GETUTENT(3) Linux Programmer's Manual GETUTENT(3)NAME
getutent, getutid, getutline, pututline, setutent, endutent, utmpname -
access utmp file entries
struct utmp *getutent(void);
struct utmp *getutid(struct utmp *ut);
struct utmp *getutline(struct utmp *ut);
struct utmp *pututline(struct utmp *ut);
int utmpname(const char *file);
New applications should use the POSIX.1-specified "utmpx" versions of
these functions; see CONFORMING TO.
utmpname() sets the name of the utmp-format file for the other utmp
functions to access. If utmpname() is not used to set the filename
before the other functions are used, they assume _PATH_UTMP, as defined
setutent() rewinds the file pointer to the beginning of the utmp file.
It is generally a good idea to call it before any of the other func‐
endutent() closes the utmp file. It should be called when the user
code is done accessing the file with the other functions.
getutent() reads a line from the current file position in the utmp
file. It returns a pointer to a structure containing the fields of the
line. The definition of this structure is shown in utmp(5).
getutid() searches forward from the current file position in the utmp
file based upon ut. If ut->ut_type is one of RUN_LVL, BOOT_TIME,
NEW_TIME, or OLD_TIME, getutid() will find the first entry whose
ut_type field matches ut->ut_type. If ut->ut_type is one of
INIT_PROCESS, LOGIN_PROCESS, USER_PROCESS, or DEAD_PROCESS, getutid()
will find the first entry whose ut_id field matches ut->ut_id.
getutline() searches forward from the current file position in the utmp
file. It scans entries whose ut_type is USER_PROCESS or LOGIN_PROCESS
and returns the first one whose ut_line field matches ut->ut_line.
pututline() writes the utmp structure ut into the utmp file. It uses
getutid() to search for the proper place in the file to insert the new
entry. If it cannot find an appropriate slot for ut, pututline() will
append the new entry to the end of the file.
RETURN VALUEgetutent(), getutid(), and getutline() return a pointer to a struct
utmp on success, and NULL on failure (which includes the "record not
found" case). This struct utmp is allocated in static storage, and may
be overwritten by subsequent calls.
On success pututline() returns ut; on failure, it returns NULL.
utmpname() returns 0 if the new name was successfully stored, or -1 on
In the event of an error, these functions errno set to indicate the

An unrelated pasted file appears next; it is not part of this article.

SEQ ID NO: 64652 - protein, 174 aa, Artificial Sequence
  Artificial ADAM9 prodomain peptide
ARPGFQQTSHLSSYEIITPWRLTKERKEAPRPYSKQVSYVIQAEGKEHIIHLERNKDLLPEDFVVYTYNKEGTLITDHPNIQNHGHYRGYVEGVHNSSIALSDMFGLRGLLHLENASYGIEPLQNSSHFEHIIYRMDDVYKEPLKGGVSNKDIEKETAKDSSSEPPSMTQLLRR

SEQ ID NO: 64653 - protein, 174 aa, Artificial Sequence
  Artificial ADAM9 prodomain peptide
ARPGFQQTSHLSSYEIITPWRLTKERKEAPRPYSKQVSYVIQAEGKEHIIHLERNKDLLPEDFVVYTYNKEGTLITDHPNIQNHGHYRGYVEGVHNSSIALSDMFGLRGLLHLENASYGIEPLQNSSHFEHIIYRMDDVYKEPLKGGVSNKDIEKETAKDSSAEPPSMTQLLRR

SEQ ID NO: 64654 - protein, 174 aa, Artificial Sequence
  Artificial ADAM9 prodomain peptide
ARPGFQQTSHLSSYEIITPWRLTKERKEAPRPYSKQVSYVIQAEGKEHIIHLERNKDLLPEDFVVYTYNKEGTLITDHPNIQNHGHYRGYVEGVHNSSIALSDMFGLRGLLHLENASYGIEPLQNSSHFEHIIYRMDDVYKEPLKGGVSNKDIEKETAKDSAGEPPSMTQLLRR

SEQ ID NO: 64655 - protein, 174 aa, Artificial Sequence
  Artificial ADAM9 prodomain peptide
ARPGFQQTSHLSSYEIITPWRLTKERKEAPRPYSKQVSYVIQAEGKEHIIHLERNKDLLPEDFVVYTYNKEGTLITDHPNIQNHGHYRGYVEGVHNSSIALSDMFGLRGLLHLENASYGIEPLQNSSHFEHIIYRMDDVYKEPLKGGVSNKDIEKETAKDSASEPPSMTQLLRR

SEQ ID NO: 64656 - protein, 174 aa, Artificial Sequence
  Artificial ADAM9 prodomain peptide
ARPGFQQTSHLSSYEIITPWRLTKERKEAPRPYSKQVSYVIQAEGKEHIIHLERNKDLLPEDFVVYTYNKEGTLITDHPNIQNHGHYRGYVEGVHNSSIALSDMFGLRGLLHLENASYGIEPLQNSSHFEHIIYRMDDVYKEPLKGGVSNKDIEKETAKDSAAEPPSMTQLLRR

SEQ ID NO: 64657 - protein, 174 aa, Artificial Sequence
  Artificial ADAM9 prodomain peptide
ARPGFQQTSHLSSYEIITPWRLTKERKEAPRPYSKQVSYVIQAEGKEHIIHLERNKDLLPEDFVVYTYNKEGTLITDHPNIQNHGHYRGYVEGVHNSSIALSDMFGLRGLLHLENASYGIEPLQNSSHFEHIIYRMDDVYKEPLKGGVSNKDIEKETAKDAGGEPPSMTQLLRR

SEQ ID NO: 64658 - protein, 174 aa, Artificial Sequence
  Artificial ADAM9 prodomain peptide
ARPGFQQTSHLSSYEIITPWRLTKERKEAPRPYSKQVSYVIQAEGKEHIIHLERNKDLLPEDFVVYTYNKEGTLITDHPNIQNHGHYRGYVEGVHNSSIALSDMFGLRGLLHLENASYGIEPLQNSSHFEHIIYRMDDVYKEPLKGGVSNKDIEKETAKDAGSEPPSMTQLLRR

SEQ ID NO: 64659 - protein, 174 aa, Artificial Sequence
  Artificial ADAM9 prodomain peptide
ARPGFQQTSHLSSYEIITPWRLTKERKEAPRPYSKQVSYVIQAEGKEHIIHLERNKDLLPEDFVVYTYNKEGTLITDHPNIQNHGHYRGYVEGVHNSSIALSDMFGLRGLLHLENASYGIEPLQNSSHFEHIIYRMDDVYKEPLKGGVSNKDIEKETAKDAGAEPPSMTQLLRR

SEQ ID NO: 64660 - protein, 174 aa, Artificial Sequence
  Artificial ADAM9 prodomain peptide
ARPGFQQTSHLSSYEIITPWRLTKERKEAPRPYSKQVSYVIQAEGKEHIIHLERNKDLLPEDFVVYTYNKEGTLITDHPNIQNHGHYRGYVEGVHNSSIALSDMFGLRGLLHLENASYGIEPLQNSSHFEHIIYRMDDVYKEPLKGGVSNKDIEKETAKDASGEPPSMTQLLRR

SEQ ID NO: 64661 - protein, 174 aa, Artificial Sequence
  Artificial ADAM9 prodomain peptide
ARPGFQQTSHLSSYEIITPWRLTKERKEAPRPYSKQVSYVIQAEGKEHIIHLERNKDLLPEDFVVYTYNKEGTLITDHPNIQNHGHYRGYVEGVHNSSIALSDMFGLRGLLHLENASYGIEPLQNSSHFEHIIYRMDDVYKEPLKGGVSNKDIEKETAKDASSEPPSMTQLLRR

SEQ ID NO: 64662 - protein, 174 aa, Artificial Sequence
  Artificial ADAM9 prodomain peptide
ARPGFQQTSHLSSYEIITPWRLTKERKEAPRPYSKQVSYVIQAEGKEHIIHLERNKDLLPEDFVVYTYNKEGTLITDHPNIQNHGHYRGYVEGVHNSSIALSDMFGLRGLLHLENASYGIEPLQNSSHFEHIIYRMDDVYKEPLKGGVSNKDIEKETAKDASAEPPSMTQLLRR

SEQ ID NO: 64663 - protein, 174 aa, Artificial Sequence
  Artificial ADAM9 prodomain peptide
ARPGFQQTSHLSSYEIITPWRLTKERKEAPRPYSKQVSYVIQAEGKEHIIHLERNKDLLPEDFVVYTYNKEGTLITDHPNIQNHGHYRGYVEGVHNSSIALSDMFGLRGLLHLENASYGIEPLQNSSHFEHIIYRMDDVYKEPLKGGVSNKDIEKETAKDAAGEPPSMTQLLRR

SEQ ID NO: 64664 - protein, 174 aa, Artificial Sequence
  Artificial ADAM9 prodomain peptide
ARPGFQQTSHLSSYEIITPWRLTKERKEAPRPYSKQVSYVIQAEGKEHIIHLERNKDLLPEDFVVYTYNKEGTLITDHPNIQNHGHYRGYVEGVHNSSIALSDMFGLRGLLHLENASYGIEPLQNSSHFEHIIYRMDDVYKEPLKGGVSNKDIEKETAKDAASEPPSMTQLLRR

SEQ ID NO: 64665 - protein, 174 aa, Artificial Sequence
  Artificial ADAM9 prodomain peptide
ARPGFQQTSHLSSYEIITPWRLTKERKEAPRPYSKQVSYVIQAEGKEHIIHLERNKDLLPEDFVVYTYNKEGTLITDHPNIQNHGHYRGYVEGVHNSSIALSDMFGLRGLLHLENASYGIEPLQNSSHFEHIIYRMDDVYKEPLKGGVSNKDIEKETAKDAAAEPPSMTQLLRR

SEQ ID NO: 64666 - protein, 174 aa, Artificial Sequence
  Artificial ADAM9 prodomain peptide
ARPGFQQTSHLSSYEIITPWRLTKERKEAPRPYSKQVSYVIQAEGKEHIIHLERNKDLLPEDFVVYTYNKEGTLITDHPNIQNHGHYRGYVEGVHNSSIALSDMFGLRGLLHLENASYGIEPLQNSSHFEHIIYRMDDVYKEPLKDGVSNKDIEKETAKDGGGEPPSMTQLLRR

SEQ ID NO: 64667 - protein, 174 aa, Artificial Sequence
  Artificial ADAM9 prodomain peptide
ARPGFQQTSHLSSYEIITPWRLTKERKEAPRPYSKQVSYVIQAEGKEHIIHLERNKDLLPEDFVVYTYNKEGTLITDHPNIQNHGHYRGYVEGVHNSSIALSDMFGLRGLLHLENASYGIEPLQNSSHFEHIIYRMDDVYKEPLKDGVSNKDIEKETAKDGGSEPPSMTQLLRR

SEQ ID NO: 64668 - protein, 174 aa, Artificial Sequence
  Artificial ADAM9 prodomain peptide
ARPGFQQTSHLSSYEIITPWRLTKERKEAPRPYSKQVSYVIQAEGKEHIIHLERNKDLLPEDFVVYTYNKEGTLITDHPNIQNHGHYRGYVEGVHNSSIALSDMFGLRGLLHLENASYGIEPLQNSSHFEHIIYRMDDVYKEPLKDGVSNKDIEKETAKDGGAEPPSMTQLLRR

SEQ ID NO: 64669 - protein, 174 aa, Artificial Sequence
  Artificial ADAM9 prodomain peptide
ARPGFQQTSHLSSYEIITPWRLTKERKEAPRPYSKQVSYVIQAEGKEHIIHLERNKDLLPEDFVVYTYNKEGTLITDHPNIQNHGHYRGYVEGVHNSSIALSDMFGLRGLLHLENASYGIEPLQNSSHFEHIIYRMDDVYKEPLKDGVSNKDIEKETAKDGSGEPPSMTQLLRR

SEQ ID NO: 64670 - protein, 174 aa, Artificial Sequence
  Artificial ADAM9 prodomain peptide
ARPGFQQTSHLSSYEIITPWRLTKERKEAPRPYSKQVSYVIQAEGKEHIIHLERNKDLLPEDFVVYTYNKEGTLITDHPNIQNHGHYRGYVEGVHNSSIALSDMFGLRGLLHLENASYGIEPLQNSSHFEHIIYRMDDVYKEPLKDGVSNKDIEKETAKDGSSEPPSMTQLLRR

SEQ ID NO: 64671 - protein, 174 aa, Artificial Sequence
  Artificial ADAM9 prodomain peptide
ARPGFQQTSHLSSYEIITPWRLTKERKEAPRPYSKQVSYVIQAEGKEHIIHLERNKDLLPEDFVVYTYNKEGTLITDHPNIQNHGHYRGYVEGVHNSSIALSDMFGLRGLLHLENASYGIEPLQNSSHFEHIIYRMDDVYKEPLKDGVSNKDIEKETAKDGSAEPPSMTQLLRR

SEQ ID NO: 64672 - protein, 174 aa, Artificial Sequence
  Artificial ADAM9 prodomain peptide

ENOMEM Out of memory.
ESRCH Record not found.
setutent(), pututline(), and the getut*() functions can also fail for
the reasons described in open(2).
/var/run/utmp database of currently logged-in users
/var/log/wtmp database of past user logins
In XPG2 and SVID 2 the function pututline() is documented to return
void, and that is what it does on many systems (AIX, HP-UX, Linux
libc5). HP-UX introduces a new function _pututline() with the proto‐
type given above for pututline() (also found in Linux libc5).
All these functions are obsolete now on non-Linux systems.
POSIX.1-2001, following SUSv1, does not have any of these functions,
but instead uses
struct utmpx *getutxent(void);
struct utmpx *getutxid(const struct utmpx *);
struct utmpx *getutxline(const struct utmpx *);
struct utmpx *pututxline(const struct utmpx *);
These functions are provided by glibc, and perform the same task as
their equivalents without the "x", but use struct utmpx, defined on
Linux to be the same as struct utmp. For completeness, glibc also pro‐
vides utmpxname(), although this function is not specified by POSIX.1.
On some other systems, the utmpx structure is a superset of the utmp
structure, with additional fields, and larger versions of the existing
fields, and parallel files are maintained, often /var/*/utmpx and
Linux glibc on the other hand does not use a parallel utmpx file since
its utmp structure is already large enough. The "x" functions listed
above are just aliases for their counterparts without the "x" (e.g.,
getutxent() is an alias for getutent()).
The above functions are not thread-safe. Glibc adds reentrant versions
#define _GNU_SOURCE /* or _SVID_SOURCE or _BSD_SOURCE;
see feature_test_macros(7) */
int getutent_r(struct utmp *ubuf, struct utmp **ubufp);
int getutid_r(struct utmp *ut,
struct utmp *ubuf, struct utmp **ubufp);
int getutline_r(struct utmp *ut,
struct utmp *ubuf, struct utmp **ubufp);
These functions are GNU extensions, analogs of the functions of the
same name without the _r suffix. The ubuf argument gives these func‐
tions a place to store their result. On success they return 0, and a
pointer to the result is written in *ubufp. On error, these functions
return -1. There are no utmpx equivalents of the above functions.
(POSIX.1 does not specify such functions.)
The following example adds and removes a utmp record, assuming it is
run from within a pseudo terminal. For usage in a real application,
you should check the return values of getpwuid(3) and ttyname(3).
main(int argc, char *argv)
struct utmp entry;
system("echo before adding entry:;who");
entry.ut_type = USER_PROCESS;
entry.ut_pid = getpid();
strcpy(entry.ut_line, ttyname(STDIN_FILENO) + strlen("/dev/"));
/* only correct for ptys named /dev/tty[pqr][0-9a-z] */
strcpy(entry.ut_id, ttyname(STDIN_FILENO) + strlen("/dev/tty"));
memset(entry.ut_host, 0, UT_HOSTSIZE);
entry.ut_addr = 0;
system("echo after adding entry:;who");
entry.ut_type = DEAD_PROCESS;
memset(entry.ut_line, 0, UT_LINESIZE);
entry.ut_time = 0;
memset(entry.ut_user, 0, UT_NAMESIZE);
system("echo after removing entry:;who");
SEE ALSOgetutmp(3), utmp(5)COLOPHON
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